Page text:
2021 AGI Medal in Memory of Ian Campbell

Presented to Marcia McNutt

Marcia McNutt

Marcia McNutt
National Academy of Sciences

 
 

Citation by The Ian Campbell 2021 Nominating Committee

Dr. McNutt’s contributions to the geosciences have been exceptional over a long and productive professional career, beginning with her post-Ph.D. position as a geophysicist with the U.S. Geological Survey. In 1982, she became an assistant professor of geophysics at the Massachusetts Institute of Technology and was appointed in 1988 as Griswold Professor of Geophysics at MIT. Dr. McNutt participated in 15 major oceanographic expeditions and served as chief scientist on more than half of these expeditions. In addition to her outstanding oceanographic and plate tectonics research and leadership, Dr. McNutt has served as the head of six major professional science and geoscience organizations, including serving as the president of the American Geophysical Union. Dr. McNutt was the Director of the U.S. Geological Survey for four years, and she is the current president of the National Academy of Sciences, the United States’ premier science organization which advises the nation on issues related to science and technology. In these major leadership roles, Dr. McNutt has been a very effective advocate of the geosciences and the important role that geoscientists play in addressing many societally relevant problems.

 

Response by Marcia McNutt

I am honored and humbled to have been chosen the 2021 Ian Campbell Medalist. I certainly didn’t earn it by myself.

There are numerous colleagues who have helped me develop the friendships, skills, and confidence to function as a successful geoscientist and state survey director. My most special thanks go to Frank Kottlowski, former Director of the New Mexico Bureau of Mines & Mineral Resources, who first gave me the opportunity to become acquainted with an incredible organization called the Association of American State Geologists. The members of that group became my mentors, confidantes, and personal network whose collective wisdom, outlook and style showed me how it could be done. I have also enjoyed a number of long-standing professional and productive relationships with colleagues at the national level in geological societies, advisory committees, and the U. S. Geological Survey. Finally, I gratefully acknowledge the University of Wisconsin Extension Service to whom the WGNHS was administratively attached. That organization has a fundamental commitment to build and nurture what they call ‘capacity’ of individual citizens, local groups, county boards and commissions, and entire communities. By ‘capacity,’ they mean the ability to recognize, and effectively and responsibly deal with local issues and problems. It became obvious to me that successful state surveys should have a similar capacity-building commitment albeit with a relevant geological component. Communicating clearly and respectfully with all survey customers is an essential element in capacity building, and I have emphasized this throughout my career.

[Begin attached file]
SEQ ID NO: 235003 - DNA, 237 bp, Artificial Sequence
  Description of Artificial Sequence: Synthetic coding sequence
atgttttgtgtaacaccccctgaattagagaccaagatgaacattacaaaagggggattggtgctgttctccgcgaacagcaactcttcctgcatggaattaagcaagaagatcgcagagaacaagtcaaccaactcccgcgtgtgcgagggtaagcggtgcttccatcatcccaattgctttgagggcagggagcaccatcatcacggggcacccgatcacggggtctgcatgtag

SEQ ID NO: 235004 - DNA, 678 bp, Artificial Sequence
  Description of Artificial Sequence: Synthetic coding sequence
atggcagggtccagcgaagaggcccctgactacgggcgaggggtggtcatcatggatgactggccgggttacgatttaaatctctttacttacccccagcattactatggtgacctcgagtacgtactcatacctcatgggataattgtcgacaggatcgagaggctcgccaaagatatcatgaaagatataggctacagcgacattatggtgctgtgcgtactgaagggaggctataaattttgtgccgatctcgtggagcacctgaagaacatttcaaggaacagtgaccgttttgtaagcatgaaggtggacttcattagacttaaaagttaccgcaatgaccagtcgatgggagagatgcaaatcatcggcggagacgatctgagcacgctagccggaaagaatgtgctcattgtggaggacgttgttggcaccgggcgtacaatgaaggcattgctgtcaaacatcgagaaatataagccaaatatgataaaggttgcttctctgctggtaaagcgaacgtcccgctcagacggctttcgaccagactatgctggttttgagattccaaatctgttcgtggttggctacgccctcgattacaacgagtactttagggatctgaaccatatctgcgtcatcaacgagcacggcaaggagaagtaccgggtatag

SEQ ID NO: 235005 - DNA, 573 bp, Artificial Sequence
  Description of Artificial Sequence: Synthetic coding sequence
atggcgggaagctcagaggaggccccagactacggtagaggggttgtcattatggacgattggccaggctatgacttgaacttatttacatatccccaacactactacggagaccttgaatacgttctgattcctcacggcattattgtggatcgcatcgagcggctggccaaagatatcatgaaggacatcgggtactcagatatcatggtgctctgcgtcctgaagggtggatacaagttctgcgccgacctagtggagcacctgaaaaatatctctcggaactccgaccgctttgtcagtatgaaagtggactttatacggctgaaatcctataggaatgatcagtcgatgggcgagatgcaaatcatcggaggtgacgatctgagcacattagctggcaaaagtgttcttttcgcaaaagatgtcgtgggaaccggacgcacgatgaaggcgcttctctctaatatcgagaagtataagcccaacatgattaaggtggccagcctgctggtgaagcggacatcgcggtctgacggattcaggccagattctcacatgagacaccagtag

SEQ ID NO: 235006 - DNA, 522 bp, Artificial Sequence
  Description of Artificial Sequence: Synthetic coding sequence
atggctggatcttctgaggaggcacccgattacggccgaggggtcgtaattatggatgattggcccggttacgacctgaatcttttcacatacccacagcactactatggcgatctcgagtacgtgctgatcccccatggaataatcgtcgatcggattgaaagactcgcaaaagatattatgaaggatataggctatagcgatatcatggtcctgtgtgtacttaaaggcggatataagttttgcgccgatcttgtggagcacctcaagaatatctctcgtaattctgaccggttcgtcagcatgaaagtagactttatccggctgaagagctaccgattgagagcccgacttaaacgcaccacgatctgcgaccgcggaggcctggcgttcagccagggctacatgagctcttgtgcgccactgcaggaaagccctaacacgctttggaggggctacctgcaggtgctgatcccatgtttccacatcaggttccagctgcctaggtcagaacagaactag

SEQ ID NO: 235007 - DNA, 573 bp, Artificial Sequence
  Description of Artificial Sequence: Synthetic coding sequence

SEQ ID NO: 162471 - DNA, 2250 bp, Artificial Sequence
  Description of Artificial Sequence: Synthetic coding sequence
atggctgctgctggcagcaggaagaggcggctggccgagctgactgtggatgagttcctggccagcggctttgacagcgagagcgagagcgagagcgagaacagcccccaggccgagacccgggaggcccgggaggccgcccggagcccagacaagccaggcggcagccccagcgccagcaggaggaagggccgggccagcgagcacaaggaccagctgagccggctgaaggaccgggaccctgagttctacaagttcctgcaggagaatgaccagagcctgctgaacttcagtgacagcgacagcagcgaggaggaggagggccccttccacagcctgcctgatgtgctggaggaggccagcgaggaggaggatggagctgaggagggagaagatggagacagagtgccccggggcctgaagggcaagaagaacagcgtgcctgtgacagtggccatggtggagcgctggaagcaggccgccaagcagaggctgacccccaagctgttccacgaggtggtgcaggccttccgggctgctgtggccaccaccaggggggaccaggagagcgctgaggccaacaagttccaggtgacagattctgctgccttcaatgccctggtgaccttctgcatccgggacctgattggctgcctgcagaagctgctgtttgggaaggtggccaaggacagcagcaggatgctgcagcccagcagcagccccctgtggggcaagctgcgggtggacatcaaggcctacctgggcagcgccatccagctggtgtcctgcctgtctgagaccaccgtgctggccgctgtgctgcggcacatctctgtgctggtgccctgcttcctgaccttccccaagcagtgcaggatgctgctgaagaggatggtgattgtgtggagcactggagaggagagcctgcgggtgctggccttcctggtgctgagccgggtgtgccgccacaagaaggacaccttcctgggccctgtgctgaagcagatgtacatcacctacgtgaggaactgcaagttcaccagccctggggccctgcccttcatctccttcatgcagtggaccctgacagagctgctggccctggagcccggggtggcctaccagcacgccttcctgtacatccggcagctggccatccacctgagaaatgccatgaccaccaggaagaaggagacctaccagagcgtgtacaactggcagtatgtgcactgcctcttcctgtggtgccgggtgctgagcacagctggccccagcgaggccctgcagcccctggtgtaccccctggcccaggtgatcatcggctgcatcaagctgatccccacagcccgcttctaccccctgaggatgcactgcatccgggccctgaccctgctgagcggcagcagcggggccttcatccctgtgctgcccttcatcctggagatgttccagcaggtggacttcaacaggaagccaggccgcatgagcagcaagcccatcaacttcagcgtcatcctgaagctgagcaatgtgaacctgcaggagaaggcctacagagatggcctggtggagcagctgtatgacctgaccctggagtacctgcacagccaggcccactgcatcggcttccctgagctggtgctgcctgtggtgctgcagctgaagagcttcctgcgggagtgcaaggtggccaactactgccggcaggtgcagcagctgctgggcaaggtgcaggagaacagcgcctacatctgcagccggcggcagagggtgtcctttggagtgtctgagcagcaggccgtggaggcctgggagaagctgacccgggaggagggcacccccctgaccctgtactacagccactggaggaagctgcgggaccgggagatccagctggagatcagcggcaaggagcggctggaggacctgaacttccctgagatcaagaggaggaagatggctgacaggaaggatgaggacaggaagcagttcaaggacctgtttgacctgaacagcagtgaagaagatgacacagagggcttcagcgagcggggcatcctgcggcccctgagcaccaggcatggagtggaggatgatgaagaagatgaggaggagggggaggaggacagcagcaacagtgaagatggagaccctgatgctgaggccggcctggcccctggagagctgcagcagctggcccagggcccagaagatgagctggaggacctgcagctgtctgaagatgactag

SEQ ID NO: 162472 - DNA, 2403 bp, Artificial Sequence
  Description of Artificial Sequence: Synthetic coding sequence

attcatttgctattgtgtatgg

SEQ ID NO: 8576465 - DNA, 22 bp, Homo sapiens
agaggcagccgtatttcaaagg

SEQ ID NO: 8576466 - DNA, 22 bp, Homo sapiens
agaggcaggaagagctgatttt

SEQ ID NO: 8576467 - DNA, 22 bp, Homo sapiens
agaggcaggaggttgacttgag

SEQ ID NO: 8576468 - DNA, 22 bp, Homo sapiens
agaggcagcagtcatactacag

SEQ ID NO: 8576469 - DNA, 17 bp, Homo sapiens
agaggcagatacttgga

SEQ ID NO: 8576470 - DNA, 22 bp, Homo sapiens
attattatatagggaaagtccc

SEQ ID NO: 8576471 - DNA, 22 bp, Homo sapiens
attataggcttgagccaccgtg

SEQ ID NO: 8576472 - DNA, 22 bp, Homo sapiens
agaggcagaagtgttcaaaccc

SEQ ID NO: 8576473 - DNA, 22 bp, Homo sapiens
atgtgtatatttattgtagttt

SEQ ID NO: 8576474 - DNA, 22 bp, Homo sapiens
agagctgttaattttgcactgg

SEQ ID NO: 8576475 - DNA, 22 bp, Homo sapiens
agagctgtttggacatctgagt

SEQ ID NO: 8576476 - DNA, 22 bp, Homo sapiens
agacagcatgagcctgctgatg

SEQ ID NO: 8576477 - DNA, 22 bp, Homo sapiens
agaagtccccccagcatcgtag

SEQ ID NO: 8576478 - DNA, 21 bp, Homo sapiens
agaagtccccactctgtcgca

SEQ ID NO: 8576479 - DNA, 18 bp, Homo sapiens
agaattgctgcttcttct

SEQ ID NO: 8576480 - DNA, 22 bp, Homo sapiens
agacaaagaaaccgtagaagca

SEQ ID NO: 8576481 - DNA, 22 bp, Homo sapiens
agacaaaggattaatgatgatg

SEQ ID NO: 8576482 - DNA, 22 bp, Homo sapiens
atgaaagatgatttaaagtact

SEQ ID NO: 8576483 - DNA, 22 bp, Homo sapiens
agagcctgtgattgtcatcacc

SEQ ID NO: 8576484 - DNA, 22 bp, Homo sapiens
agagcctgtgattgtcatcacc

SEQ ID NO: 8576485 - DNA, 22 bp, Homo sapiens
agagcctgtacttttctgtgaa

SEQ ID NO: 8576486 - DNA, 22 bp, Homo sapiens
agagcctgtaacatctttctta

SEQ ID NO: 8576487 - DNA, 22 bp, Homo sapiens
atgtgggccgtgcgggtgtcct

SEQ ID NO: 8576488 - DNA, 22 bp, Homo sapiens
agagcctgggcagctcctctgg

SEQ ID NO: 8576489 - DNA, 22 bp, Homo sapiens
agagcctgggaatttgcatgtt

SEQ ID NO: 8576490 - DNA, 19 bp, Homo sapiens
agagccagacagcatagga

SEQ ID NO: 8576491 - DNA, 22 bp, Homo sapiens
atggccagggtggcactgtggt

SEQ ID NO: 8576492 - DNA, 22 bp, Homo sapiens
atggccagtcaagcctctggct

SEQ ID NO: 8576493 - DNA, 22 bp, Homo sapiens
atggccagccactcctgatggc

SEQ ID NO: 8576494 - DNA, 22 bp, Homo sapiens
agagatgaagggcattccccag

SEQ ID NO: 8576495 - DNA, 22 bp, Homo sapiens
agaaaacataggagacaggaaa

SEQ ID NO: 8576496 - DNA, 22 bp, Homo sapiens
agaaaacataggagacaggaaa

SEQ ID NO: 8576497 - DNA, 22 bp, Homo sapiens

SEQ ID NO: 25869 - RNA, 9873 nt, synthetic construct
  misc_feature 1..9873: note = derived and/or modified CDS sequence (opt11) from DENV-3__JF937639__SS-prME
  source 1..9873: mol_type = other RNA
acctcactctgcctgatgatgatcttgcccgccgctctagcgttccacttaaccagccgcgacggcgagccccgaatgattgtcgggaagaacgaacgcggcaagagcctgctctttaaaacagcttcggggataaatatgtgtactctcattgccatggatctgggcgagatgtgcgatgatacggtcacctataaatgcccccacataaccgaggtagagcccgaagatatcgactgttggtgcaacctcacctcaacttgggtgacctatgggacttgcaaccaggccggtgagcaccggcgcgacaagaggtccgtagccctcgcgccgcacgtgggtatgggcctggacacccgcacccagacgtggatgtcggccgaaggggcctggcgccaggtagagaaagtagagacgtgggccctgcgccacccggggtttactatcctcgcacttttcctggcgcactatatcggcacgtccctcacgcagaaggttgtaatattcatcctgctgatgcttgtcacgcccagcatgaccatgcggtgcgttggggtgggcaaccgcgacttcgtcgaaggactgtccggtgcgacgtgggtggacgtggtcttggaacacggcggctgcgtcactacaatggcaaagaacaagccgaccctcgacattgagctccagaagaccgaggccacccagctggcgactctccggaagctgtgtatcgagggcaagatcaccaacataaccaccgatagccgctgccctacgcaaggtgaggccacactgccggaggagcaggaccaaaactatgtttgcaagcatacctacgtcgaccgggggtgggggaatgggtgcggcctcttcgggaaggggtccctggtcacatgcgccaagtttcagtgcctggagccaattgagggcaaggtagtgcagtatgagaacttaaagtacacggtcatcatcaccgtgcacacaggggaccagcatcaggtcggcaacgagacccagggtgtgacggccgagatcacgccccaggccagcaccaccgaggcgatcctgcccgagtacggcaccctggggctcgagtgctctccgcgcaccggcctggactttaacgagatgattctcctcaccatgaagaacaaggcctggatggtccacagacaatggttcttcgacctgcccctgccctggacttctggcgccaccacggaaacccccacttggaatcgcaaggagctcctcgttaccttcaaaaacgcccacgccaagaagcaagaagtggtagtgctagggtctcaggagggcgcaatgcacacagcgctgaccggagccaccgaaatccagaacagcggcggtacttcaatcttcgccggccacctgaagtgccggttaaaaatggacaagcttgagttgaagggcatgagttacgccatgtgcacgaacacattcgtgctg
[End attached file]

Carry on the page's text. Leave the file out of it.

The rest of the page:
All of these individuals and organizations have helped shape who I am and what I have tried to accomplish.